George M. Cohan is universally known and referred to in the world of theatre as The Father of Broadway. He is best known for his compositional works and iconic stand-alone songs. Throughout his career he has been attributed with refining and creating modern musical theatre as we know it today. He played a major influential role during the pursuit of cleaning up Broadway and creating the entertainment mecca it is known as today. To honor his work, a bronze statue depicting Cohan was created by artist Georg John Lober and architect Otto Langman and placed in Duffy Square in Manhattan.
George M. Cohan was an American-born performer, playwright, composer, and producer. Cohan was born on July 3rd, 1878, and died on November 5th, 1942, at 64 years old. He was born to Irish-Catholic parents in Providence, Rhode Island. Though this was his place of birth, he did not stay put for very long. He spent the majority of his younger years traveling all parts of the country as a part of his families traveling vaudeville act. This was his earliest exposure to the world of the performing arts, that would lead to a lifelong career.
Due to his constant traveling in his youth, Cohan was quite familiar to the ins and outs of how the country worked on a social and political level. Cohan was a very smart man, so he was determined to find a way to profit off his passion for the arts. Cohan learned at a very young age that there are few things that America as a whole loved more than America. This was a very highly patriotic country, and many things were fueled and funded through profiting off of America's love for itself. Cohan's attempt at this was quite successful. Cohan was referred to by many as an Anthem Machine. He had a keen ability to write unifying songs through the use of patriotic themes and melodies. Throughout his career he pumped out these patriotic, foot-tapping tunes like clockwork. Not only were these songs featured in Cohan's countless Broadway musicals, they were often times adopted by groups of soldiers fighting overseas as a type of war-anthem. For example, Cohan wrote the tune Over There during the wake of World War I, and claimed it was inspired by the sound and feeling of a bugle call. This song became quickly popular, and was adopted by the boys overseas as a marching call. This was due to his smart use of patriotic language, and integration of familiar sounds that could be indirectly related to instruments used by these soldiers. This song fueled America's love for America, and through music provided a way to unify the country during turbulent times. Smart decisions like this are what lead to Cohan being such an entertainment powerhouse during this era and for years to come.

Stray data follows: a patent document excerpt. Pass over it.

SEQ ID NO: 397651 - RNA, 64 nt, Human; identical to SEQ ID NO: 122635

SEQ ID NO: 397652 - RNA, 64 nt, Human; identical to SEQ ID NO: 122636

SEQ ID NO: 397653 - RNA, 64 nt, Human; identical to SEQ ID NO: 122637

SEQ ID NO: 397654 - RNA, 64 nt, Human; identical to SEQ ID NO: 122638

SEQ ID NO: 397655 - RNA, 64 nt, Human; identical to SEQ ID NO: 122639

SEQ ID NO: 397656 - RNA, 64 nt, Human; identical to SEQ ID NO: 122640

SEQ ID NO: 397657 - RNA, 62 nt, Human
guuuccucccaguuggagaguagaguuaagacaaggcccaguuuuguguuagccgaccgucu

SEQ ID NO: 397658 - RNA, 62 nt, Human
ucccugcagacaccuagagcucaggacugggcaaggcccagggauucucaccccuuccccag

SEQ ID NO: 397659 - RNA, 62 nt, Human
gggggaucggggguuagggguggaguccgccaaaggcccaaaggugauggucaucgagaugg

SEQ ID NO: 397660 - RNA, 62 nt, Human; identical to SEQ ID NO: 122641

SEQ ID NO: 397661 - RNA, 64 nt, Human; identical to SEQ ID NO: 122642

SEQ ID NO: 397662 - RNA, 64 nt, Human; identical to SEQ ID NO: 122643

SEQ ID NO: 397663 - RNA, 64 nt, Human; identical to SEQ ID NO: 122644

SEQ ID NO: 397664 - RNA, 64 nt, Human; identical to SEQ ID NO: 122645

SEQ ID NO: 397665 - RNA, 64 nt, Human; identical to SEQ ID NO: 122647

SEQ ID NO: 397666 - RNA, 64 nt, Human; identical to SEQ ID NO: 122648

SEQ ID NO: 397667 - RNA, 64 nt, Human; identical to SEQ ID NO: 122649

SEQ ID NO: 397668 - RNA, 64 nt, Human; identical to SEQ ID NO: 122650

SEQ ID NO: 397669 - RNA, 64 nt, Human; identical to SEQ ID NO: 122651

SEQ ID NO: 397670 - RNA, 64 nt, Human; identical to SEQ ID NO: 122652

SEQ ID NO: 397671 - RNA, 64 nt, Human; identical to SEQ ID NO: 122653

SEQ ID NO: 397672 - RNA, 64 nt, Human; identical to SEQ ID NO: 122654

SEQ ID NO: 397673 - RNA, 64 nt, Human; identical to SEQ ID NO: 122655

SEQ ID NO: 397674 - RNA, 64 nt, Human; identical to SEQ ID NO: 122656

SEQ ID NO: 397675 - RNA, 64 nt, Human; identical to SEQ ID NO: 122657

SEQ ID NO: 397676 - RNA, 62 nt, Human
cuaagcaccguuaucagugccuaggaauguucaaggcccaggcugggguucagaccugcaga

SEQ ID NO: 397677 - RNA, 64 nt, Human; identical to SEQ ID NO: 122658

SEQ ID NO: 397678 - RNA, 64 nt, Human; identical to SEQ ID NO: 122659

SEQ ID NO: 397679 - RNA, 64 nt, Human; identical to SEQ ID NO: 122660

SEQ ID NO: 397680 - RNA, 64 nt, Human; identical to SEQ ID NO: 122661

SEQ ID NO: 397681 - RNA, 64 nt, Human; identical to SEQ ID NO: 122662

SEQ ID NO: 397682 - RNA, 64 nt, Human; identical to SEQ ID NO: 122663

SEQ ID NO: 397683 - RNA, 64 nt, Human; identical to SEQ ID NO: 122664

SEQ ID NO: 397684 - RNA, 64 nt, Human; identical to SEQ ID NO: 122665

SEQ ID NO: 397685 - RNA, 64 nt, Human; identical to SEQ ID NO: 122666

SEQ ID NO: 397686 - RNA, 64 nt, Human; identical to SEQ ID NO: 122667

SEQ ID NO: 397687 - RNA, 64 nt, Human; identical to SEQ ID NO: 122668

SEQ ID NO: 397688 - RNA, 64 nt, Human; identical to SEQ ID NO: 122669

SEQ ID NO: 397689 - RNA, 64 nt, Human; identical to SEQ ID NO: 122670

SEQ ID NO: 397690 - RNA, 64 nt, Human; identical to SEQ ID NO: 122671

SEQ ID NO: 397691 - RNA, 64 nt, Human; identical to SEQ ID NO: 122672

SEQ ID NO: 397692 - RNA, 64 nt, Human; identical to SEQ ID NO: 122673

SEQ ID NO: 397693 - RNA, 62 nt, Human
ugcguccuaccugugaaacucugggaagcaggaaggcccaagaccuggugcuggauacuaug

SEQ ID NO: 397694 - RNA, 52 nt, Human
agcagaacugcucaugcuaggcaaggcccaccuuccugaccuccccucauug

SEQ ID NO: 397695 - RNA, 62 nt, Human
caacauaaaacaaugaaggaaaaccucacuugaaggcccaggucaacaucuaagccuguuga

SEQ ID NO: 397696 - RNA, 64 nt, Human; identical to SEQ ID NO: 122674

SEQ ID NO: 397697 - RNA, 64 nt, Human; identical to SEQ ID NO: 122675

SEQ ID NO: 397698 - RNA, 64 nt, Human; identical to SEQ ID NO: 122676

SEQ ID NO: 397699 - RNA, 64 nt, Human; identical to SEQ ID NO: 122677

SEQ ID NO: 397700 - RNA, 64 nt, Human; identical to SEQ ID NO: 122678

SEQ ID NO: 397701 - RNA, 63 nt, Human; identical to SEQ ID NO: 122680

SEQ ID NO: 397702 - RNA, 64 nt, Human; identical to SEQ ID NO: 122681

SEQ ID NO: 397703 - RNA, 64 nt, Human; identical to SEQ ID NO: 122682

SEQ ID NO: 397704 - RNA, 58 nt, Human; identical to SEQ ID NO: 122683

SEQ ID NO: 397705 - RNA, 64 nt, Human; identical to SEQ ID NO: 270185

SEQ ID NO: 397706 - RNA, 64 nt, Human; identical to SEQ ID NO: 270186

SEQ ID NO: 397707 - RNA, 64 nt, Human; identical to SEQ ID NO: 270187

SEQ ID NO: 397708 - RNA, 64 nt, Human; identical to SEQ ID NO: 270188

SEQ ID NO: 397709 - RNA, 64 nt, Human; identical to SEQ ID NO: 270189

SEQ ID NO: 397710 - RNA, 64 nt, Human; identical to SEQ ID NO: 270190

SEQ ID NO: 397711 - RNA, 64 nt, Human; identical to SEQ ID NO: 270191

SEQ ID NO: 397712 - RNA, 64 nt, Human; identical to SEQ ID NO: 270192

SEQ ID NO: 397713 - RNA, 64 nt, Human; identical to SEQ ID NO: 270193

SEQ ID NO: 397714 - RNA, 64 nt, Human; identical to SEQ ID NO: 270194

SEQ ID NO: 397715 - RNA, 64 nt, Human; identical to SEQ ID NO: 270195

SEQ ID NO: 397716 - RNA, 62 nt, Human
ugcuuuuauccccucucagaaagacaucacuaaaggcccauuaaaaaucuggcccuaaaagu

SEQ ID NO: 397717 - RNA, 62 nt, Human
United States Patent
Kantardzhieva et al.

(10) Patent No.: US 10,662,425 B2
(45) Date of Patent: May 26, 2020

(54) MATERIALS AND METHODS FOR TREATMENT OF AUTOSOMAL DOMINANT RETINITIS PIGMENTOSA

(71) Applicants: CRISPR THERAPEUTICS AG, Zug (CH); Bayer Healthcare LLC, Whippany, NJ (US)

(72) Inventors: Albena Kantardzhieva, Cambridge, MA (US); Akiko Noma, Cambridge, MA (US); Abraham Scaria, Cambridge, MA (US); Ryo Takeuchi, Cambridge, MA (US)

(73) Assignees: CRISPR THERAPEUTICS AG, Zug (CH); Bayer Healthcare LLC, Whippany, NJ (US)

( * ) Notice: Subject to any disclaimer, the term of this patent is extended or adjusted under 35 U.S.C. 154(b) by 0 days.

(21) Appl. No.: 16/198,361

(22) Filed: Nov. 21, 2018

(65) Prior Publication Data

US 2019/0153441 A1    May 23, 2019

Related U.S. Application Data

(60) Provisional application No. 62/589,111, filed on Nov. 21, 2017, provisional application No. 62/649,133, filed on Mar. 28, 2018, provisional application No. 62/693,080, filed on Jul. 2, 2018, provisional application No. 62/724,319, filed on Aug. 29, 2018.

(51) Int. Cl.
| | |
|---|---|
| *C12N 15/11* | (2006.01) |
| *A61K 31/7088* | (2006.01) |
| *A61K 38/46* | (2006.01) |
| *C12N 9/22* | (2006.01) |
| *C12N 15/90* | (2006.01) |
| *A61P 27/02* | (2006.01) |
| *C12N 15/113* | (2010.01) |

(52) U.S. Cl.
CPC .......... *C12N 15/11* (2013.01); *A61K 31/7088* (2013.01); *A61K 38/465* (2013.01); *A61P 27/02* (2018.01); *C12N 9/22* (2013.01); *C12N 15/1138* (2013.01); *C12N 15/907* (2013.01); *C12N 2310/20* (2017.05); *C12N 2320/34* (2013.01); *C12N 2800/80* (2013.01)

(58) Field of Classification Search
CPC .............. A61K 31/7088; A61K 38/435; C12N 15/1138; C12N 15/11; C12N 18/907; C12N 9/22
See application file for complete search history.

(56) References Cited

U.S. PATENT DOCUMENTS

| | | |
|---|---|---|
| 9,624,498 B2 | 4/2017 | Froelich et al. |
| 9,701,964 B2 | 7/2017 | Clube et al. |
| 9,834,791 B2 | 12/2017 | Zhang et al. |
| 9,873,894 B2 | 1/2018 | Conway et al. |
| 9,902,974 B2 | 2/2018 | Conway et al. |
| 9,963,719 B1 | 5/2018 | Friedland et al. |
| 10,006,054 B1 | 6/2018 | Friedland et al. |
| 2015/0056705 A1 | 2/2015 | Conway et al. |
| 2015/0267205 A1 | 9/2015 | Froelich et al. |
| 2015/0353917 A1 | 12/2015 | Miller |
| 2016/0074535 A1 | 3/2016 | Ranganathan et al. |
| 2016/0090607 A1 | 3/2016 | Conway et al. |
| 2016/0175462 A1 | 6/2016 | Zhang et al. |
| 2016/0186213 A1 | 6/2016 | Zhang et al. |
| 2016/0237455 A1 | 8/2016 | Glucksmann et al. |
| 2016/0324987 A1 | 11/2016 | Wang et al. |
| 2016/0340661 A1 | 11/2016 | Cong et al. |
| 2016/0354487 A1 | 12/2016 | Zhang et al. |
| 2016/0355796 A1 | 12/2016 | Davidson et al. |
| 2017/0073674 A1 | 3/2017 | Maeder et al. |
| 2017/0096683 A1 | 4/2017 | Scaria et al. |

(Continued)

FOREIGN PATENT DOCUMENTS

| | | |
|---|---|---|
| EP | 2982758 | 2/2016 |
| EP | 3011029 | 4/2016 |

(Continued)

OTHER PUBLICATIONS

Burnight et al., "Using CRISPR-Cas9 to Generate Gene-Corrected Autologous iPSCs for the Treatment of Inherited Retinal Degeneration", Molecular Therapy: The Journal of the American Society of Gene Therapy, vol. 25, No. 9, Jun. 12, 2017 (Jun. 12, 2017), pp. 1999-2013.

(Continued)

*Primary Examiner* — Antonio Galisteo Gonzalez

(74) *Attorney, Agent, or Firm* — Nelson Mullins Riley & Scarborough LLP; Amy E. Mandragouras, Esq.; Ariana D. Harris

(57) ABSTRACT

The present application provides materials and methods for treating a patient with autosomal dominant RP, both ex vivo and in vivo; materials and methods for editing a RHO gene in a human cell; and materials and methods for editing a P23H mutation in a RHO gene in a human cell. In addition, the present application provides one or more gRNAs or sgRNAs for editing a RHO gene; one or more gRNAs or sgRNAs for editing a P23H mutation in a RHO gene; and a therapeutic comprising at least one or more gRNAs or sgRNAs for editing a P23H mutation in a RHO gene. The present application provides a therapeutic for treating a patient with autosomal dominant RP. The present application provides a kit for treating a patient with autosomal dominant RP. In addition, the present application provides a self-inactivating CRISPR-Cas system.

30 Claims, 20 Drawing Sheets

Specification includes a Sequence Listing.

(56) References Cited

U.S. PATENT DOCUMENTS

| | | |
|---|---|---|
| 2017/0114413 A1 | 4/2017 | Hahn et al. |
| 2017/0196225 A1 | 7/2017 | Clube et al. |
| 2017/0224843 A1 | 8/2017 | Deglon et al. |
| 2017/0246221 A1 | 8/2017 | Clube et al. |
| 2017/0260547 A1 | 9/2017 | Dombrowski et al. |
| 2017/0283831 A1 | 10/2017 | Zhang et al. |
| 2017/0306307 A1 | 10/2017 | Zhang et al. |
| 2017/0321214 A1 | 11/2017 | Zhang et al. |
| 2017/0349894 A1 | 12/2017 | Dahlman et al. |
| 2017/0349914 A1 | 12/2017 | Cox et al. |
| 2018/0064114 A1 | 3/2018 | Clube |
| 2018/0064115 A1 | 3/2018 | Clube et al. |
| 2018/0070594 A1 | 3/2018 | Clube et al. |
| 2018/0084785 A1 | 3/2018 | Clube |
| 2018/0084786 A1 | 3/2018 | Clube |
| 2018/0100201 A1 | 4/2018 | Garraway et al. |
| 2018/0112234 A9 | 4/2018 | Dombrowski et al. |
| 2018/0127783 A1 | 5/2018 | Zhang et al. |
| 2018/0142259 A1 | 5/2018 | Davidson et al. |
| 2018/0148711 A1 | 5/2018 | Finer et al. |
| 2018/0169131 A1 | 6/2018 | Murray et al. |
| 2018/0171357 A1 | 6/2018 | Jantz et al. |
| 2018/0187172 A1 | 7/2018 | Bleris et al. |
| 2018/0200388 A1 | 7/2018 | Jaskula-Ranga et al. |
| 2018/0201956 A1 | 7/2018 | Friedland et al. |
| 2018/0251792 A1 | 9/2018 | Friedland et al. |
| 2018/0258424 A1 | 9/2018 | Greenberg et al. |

Despite the majority of Cohan's legacy being centered around his iconic compositional works such as You're a Grand Ol' Flag, Yankee Doodle Dandy, and Give My Regards to Broadway, Cohan was also a highly decorated performer. Cohan has been regarded as the premier musical comedy performer before 1925. Between his work as a performer, and composer, Cohan has had his hand in over 300 songs and 50 shows. This is huge because most modern composers and actors are known for at maximum 10 productions. Despite Cohan gracing the stage quite frequently, there are very few actual recordings of Cohan himself singing. Rumor has it that Cohan was not a huge fan of the sound of his own singing voice, so he stared clean of any recording studios whenever possible.
Due to his thumbprint on the creation of Broadway as we know it today being so wildly visible, it is nearly impossible not to wish to honor him in some sort of way. What better way than a bronze statue erected right in the heart of the place he worked so hard to mold and create. Thus, the George M. Cohan statue came to be.